America is not alone in hoping that this latest battle over US fiscal policy will be resolved in time for the Thursday deadline. The International Monetary Fund (IMF) warned that a default would risk severe market instability, and at the weekend its managing director Christine Lagarde warned that US politicians were risking the global economy “tipping, yet again, into recession”. World Bank president Jim Yong Kim said failure would threaten the developing world as well as developed economies. Half of the US debt is held by foreign governments, central banks and overseas investors, and a default would risk those holdings. Foreign investors during the 2011 scare shunned Treasury auctions for about three months.
The US’s main creditors China and Japan also called on Washington to resolve its differences for the sake of the global economy. Beijing warned that the impasse threatened the value of its US investments. China is the largest holder of US Treasuries with $1.3 trillion in July, followed by Japan’s $1.1 trillion. At the time of writing, it was still uncertain whether there was enough support in Congress to raise the debt ceiling. But the world still needs the pull of America’s economic engine to move it clear of the last global recession. There are other specific threats posed by the impasse. The lack of key economic data threatens confidence and growth. The Fed, faced with tighter fiscal conditions, could opt for another round of QE to protect the US economic recovery. Markets could factor in a further delay to the expected announcement of the tapering of the US $85 billion-a-month asset-buying scheme and move towards safer government bonds and away from US stocks.
The impasse in Washington overshadowed the White House’s confirmation last week that it had nominated Janet Yellen, the Fed’s vice chair, to lead the US central bank when Ben Bernanke departs from the position at the end of January. Yellen is considered a monetary policy ‘dove’, and expected to prolong the US quantitative easing (QE) programme. But she will still face the challenge of how to reduce the bond purchases without jeopardising the US economic recovery. The US crisis also eclipsed the IMF’s latest forecasts that took 0.3% off the world’s growth rate for 2013 to 2.9%. The IMF urged the Fed not to taper the QE programme too quickly, warning that a subsequent rise in borrowing costs would hinder growth. However, its forecast reflected the growing optimism that the US recovery is strengthening and it expects the growth rate to accelerate to 2.6% in 2014 from 1.6% this year.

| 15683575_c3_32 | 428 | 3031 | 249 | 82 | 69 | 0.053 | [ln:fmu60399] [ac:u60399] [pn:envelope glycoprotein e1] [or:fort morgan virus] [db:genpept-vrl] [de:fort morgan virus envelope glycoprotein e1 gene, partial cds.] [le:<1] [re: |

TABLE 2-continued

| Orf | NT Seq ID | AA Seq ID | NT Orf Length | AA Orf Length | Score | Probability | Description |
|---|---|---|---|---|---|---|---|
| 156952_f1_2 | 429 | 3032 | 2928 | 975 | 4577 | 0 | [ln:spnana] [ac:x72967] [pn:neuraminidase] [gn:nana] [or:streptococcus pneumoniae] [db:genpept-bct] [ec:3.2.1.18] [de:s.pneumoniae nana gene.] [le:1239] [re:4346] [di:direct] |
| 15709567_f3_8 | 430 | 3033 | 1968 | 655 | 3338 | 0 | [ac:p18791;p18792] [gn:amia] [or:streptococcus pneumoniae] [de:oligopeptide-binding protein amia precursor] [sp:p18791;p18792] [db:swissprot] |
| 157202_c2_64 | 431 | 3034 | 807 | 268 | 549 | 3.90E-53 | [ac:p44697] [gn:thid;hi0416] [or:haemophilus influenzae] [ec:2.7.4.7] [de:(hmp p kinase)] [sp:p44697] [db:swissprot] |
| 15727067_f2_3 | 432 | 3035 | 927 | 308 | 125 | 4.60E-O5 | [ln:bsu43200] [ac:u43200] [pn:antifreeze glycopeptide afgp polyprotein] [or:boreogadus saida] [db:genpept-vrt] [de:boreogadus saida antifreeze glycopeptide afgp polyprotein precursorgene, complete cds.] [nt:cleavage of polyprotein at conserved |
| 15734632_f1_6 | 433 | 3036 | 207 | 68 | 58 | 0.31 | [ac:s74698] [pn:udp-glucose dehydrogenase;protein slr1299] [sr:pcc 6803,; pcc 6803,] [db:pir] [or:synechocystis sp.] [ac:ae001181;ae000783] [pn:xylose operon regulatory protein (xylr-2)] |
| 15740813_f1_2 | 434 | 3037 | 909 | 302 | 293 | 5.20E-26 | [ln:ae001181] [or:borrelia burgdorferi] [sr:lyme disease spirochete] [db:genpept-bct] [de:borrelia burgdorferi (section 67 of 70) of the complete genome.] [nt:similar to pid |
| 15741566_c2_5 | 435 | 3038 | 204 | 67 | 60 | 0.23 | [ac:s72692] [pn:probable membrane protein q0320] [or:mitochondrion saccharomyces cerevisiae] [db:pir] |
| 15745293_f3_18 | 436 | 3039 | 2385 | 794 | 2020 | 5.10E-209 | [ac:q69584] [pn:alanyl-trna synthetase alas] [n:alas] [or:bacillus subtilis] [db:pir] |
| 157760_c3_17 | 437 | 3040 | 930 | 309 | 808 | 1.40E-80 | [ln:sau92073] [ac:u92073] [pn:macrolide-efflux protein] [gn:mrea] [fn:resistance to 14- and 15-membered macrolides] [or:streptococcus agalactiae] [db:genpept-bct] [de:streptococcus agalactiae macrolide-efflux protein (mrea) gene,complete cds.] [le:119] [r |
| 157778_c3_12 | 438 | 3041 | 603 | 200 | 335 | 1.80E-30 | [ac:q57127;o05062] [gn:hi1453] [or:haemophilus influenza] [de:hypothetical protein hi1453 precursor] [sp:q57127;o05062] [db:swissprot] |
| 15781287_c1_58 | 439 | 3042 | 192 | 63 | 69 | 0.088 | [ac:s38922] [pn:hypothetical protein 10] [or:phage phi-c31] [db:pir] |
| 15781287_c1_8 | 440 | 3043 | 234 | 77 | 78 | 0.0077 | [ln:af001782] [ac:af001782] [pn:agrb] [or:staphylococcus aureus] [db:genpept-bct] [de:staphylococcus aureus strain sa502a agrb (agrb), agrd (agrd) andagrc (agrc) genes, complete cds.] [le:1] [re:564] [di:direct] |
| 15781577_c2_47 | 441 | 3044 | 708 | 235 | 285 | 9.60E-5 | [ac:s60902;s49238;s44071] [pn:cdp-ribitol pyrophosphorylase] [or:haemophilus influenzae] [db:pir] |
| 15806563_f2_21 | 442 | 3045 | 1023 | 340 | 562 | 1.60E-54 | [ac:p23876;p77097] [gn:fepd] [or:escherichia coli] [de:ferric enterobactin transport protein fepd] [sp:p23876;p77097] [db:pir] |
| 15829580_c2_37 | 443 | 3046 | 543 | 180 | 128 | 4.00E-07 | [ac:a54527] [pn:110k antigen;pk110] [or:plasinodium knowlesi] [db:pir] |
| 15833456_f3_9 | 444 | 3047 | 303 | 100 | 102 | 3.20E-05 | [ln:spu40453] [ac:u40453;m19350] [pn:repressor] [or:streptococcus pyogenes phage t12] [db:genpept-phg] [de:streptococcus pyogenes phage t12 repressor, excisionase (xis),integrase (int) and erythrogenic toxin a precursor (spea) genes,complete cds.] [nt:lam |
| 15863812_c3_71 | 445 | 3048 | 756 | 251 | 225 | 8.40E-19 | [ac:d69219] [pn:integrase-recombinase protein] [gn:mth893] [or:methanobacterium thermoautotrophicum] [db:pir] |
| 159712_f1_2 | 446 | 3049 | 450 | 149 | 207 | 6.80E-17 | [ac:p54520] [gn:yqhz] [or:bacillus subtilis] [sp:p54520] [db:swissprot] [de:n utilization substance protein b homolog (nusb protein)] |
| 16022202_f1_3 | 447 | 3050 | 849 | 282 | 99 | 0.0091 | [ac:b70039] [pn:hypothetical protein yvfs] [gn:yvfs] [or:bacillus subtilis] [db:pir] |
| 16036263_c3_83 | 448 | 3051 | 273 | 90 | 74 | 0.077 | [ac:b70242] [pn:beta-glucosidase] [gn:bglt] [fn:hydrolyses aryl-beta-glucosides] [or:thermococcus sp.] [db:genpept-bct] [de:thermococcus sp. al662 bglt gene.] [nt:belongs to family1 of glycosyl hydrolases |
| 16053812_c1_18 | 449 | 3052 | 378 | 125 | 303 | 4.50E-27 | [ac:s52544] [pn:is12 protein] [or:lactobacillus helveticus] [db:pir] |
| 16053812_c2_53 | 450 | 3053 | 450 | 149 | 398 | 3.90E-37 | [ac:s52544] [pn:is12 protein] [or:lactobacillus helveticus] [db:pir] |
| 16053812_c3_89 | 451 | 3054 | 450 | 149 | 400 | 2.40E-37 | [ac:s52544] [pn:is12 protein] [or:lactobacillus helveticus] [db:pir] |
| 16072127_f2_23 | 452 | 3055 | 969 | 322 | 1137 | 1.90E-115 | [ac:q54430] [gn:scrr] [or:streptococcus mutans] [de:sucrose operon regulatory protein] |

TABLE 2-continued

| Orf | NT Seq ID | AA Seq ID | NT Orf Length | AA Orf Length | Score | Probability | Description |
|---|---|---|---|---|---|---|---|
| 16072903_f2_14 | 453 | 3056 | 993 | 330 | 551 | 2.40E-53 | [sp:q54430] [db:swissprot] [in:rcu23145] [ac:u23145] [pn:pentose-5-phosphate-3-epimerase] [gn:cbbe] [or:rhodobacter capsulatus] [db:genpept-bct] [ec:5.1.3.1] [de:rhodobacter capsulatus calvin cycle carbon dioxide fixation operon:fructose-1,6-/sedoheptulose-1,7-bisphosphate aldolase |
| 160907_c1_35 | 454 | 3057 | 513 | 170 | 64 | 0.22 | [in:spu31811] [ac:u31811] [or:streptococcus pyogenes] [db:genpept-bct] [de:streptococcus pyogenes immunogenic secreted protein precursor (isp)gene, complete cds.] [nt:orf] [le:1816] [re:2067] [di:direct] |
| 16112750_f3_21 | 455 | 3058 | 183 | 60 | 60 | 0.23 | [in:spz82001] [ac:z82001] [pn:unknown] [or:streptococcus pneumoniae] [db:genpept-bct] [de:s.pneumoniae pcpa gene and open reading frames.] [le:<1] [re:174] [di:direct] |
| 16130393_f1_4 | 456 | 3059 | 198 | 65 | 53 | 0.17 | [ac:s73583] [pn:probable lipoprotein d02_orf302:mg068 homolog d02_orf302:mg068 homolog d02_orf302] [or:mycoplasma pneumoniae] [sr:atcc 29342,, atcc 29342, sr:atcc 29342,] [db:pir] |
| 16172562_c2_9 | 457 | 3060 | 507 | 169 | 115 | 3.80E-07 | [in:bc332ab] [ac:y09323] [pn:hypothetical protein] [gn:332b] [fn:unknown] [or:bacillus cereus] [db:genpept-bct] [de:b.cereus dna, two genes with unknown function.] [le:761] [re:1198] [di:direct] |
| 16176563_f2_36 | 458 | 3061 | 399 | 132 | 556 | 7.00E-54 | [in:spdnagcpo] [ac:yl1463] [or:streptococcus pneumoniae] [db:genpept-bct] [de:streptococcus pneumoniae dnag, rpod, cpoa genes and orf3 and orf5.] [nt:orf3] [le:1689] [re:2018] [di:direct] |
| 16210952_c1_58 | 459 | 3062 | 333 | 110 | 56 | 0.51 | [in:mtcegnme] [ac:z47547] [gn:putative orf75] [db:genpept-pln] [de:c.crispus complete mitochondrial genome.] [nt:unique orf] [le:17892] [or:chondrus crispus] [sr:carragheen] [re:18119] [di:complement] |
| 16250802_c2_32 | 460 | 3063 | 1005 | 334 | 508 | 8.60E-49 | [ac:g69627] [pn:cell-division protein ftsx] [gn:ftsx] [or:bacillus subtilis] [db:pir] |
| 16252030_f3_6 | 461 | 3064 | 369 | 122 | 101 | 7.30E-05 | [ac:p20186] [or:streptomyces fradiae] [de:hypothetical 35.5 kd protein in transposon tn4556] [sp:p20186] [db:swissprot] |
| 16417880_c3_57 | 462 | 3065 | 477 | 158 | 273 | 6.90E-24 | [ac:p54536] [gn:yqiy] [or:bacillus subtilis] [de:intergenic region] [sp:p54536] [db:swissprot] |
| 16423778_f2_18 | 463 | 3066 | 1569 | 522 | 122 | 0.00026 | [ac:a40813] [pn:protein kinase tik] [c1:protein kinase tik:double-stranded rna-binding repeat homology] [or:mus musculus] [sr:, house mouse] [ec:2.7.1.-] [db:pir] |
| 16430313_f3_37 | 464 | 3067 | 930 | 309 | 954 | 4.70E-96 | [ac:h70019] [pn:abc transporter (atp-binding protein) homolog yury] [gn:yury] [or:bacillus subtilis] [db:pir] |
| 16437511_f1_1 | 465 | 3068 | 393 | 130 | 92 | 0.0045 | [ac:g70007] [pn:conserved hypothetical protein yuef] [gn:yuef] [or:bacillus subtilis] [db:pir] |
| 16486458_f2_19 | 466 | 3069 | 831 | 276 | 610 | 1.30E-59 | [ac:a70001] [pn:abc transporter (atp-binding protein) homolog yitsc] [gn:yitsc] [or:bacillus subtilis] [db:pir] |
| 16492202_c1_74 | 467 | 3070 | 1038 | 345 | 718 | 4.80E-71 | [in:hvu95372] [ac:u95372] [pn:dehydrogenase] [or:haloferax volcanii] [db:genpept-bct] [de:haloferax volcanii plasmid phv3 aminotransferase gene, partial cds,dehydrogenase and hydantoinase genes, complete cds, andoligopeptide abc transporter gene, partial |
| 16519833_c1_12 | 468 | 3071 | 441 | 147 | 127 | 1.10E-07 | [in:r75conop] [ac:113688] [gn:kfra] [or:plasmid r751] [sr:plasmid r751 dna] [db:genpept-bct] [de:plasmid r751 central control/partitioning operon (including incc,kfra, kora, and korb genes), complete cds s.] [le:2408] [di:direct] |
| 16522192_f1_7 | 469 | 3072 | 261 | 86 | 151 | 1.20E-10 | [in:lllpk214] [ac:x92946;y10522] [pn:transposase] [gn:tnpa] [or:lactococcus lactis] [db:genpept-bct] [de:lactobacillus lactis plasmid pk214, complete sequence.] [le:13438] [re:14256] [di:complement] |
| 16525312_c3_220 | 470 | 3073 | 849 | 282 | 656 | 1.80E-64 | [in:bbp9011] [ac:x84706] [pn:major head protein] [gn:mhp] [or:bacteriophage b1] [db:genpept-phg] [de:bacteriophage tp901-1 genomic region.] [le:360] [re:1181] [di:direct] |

Eye of the storm
Global markets expect common sense to prevail in Washington, and US equities last week steadied on late signs of progress in the negotiations and the selection of Yellen. The S&P 500 last Monday opened for trading with retailers and banks losing previous momentum. However, considering the potential enormity of the US crisis, markets remained sanguine over the following week about the threat of a default, which is considered so beyond the pale it cannot occur. At its lowest point last week on Wednesday the S&P 500 index was 3.4% off from its 19 September historic peak of 1,730 points. In the context of recent history that is a bumpy ride rather than a crash. The sell-off in May and June took 7.5% off the index; while in August there was a 4.8% correction. The US equity index ended the week up 0.12% to 1,703 on the news of talks in Washington.